The biggest single development in Guernsey affecting philanthropy (as well as charities more broadly) has been the adoption of a new regime covering the registration and regulation of charities and not-for-profit organisations, ushered in by the entry into force of the Charities etc. (Guernsey and Alderney) Ordinance, 2021, as supplemented by the Charities etc. (Commencement and Transitional Provisions) (Guernsey and Alderney) Regulations, 2022 and Charities etc. (Amendments, Exemptions, Governance and Specified Amount) (Guernsey and Alderney) Regulations, 2022.
The main driver for this development is the impending visit by inspectors from MONEYVAL to Guernsey scheduled for the first half of 2024, having been delayed by the COVID-19 pandemic by around a year. This visit will be Bailiwick-wide and represents Guernsey’s latest inspection by the Financial Action Task Force’s regional body MONEYVAL, which is part of the Council of Europe, in its 2023/24 round of inspections. Whilst not looking solely at charities, MONEYVAL is concerned about the effect of potential money laundering and terrorist financing channelled through charitable and philanthropic organisations, among many others, either calling Guernsey home or using its financial services base to nefarious ends.
Main Changes Under The New Legislation
As a high-level summary, the new legislation has brought in many beneficial changes:
Whilst there is a phased approach to the introduction of obligations under these new arrangements, a key date for compliance kicks in on 1 August 2022, with a series of further dates for additional observance, although the full timetable is beyond the scope of this review.
Guernsey has had a statutory registration framework for charities and not-for-profit organisations since 2008, but the new laws represent an additional step on from that basic framework. There is strengthened status to being a registered charity or not-for-profit organisation with a registration in Guernsey, particularly when faced with due diligence and other scrutiny from banks and other financial service providers. Notwithstanding the increased powers of the Registrar, those organisations supporting philanthropic ventures not raising funds from the general public will continue to maintain appropriate levels of privacy and sensitivity. Final judgement rests in the hands of MONEYVAL but it is hoped that Guernsey’s new charity registration regime will represent a good benchmark in the development of keeping charities out of the spotlights for the wrong reasons.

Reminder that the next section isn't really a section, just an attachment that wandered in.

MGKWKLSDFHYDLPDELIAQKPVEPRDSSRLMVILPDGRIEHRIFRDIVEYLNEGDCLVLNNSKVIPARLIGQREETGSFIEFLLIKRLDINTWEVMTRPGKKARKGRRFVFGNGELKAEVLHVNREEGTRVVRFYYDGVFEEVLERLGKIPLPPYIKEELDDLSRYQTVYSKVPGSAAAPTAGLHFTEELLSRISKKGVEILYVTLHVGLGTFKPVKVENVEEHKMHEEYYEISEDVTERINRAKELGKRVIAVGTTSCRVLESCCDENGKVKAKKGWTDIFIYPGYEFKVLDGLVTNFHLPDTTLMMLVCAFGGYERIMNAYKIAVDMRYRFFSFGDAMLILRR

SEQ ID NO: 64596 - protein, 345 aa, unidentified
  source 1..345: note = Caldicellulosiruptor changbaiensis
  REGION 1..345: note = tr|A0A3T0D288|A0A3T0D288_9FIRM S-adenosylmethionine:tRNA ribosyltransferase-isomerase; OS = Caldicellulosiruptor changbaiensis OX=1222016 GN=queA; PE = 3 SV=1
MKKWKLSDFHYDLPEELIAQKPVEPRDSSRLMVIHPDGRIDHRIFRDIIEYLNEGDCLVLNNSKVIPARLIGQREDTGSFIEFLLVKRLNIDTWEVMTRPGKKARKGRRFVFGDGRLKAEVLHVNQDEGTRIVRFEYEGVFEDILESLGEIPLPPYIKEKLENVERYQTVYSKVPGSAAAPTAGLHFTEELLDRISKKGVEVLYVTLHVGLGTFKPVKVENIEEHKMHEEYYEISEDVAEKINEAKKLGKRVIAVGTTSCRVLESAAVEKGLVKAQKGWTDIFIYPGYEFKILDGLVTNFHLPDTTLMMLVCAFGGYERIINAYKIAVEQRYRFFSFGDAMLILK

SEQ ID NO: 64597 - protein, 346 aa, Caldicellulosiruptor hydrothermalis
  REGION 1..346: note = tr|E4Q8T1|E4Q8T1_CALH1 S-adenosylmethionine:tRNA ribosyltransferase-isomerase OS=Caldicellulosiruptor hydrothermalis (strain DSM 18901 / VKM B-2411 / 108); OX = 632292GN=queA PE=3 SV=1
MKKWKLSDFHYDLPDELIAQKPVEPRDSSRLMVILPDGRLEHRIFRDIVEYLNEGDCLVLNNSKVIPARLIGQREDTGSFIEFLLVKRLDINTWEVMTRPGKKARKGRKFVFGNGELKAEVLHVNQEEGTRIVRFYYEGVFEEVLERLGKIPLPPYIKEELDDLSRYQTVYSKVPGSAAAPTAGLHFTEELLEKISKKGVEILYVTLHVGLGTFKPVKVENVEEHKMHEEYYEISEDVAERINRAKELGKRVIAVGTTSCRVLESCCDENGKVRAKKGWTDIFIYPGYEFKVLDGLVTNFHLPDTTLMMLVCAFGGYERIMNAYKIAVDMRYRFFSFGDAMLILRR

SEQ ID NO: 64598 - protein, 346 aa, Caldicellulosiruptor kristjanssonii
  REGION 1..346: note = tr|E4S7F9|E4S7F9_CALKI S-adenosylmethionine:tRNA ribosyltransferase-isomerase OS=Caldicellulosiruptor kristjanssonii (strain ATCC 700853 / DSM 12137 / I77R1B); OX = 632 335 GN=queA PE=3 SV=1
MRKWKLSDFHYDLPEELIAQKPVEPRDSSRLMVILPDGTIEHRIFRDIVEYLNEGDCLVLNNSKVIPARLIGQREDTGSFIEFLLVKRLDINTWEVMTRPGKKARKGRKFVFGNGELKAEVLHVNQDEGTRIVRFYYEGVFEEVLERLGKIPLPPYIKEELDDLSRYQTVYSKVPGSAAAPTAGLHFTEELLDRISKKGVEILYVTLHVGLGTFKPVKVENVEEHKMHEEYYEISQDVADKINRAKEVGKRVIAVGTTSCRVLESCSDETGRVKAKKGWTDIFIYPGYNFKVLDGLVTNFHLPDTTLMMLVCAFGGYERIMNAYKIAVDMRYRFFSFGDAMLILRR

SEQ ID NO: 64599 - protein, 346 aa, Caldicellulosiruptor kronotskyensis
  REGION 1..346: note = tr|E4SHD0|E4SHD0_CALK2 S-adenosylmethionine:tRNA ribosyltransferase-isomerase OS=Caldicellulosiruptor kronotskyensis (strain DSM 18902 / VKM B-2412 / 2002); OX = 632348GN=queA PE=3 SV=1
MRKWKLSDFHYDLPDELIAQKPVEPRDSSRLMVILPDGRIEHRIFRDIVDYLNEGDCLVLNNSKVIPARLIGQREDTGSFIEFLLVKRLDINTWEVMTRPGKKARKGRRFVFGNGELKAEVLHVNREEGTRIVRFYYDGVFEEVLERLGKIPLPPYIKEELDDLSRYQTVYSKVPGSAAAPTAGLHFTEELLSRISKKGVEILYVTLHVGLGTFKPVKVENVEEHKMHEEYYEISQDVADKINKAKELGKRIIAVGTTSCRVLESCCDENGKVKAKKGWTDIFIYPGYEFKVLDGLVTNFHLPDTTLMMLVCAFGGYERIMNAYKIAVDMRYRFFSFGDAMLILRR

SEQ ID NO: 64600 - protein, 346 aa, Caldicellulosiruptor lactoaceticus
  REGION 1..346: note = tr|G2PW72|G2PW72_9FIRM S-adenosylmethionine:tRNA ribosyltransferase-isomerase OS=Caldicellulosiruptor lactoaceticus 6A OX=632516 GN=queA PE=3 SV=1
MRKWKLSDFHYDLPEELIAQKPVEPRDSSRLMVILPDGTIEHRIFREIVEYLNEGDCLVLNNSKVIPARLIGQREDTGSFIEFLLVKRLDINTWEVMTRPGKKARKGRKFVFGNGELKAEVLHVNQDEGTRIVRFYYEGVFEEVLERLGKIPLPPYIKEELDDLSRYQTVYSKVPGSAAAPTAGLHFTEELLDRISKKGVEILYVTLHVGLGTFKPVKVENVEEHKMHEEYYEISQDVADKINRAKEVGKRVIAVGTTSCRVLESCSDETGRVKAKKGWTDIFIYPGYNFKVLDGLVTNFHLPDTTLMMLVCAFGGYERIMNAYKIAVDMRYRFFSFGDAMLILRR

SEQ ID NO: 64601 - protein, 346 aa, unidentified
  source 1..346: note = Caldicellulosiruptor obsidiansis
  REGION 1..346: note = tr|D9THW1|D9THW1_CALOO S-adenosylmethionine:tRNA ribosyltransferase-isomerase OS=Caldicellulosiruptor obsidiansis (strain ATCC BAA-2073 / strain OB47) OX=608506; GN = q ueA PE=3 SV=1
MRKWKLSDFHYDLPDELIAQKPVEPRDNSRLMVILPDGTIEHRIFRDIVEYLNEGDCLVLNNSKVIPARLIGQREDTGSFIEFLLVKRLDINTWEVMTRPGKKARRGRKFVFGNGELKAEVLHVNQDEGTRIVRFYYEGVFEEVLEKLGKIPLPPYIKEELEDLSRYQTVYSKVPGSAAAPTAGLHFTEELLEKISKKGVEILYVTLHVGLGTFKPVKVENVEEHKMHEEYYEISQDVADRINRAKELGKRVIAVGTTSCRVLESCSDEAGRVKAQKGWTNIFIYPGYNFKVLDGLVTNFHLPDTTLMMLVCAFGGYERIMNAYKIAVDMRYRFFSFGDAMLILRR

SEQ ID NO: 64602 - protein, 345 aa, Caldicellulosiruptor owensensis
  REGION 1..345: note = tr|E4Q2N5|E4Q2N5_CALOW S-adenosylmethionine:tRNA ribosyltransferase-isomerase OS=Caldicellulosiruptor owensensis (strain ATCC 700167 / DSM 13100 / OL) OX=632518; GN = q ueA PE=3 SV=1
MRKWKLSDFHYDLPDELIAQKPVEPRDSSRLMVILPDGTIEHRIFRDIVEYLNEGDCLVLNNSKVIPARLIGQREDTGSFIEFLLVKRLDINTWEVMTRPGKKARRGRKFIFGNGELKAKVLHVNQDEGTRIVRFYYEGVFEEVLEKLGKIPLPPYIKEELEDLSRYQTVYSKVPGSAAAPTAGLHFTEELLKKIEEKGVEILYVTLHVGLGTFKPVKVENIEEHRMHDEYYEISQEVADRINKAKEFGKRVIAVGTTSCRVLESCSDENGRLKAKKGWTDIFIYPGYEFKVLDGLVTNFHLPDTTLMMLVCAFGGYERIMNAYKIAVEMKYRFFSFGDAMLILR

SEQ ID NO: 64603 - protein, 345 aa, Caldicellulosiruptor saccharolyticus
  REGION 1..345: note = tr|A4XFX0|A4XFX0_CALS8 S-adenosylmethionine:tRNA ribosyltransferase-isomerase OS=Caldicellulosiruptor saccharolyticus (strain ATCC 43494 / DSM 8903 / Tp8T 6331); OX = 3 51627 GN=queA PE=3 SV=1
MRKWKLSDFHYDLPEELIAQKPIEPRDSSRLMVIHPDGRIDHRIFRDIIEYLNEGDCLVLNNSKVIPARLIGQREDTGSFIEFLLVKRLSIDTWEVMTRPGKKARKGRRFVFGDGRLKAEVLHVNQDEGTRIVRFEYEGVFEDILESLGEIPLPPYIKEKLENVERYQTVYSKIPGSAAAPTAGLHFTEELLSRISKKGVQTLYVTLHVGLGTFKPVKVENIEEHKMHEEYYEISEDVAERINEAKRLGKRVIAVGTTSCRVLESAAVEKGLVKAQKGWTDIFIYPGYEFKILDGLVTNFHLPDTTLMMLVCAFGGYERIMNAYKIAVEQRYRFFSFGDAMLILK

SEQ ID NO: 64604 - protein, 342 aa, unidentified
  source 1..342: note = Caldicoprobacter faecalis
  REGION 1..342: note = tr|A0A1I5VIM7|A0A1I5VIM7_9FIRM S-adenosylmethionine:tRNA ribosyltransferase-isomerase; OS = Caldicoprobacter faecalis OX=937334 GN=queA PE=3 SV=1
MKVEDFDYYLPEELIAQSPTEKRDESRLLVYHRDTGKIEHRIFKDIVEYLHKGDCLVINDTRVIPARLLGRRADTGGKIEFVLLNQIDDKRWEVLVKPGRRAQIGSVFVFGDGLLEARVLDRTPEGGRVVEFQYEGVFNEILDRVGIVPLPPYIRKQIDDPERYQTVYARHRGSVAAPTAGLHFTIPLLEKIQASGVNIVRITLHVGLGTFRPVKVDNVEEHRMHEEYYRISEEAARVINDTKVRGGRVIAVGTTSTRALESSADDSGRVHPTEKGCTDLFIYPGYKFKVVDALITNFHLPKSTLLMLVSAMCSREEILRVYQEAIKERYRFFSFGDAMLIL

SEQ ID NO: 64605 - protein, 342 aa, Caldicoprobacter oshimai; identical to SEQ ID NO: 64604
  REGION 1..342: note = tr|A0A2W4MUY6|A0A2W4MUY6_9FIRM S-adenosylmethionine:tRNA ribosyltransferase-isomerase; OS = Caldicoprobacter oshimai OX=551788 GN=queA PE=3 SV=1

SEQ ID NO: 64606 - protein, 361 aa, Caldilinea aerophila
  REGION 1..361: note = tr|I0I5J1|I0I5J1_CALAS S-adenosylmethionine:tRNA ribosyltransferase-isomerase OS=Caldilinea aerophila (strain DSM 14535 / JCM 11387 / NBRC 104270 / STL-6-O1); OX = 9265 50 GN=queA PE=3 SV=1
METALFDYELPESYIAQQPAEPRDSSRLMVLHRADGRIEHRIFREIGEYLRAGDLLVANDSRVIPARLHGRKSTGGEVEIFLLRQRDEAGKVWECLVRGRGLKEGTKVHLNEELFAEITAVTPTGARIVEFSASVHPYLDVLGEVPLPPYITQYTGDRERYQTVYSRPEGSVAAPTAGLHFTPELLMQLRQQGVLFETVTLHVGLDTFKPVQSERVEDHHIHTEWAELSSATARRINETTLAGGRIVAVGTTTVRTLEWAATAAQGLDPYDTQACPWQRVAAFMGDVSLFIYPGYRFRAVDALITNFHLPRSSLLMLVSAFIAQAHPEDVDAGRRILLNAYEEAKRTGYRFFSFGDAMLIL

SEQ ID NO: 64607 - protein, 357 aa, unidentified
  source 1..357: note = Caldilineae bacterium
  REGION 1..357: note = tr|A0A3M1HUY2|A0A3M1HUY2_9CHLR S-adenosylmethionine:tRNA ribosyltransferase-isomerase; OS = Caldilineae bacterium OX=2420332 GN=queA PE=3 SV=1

Case Law Developments
Of persuasive weight in Guernsey are the recently decided Jersey cases of:
Kea went to great lengths to borrow from English equity whilst balancing alongside with the traditions of Norman customary law, producing an end result that shows the uniquely Channel Island blend of what a trust is in these bailiwicks as distinct from the original English concept. Many equity and trust practitioners would agree with the conclusions in Schmidt v. Rosewood Trust Ltd  UKPC 26, a case hailing from the Isle of Man, in which it was held that, on his or her own, a beneficiary of a discretionary trust has no assignable or transmissible interest in the trust, merely the doctrinal spes of consideration for distributions in respect of membership of the class of beneficiaries of the trust in accordance with the terms of that trust.
The heart of May went to the definition of benefit from a trust under Jersey law, and in particular whether the payment of additional taxation could be considered a benefit to a trust’s beneficiaries: in essence, it can, notwithstanding that it might not be in everyone’s judgement that the discharge of a tax obligation was considered a benefit to the trust or its members, although the court was keen to observe the subjective preferences of the beneficiary in this case.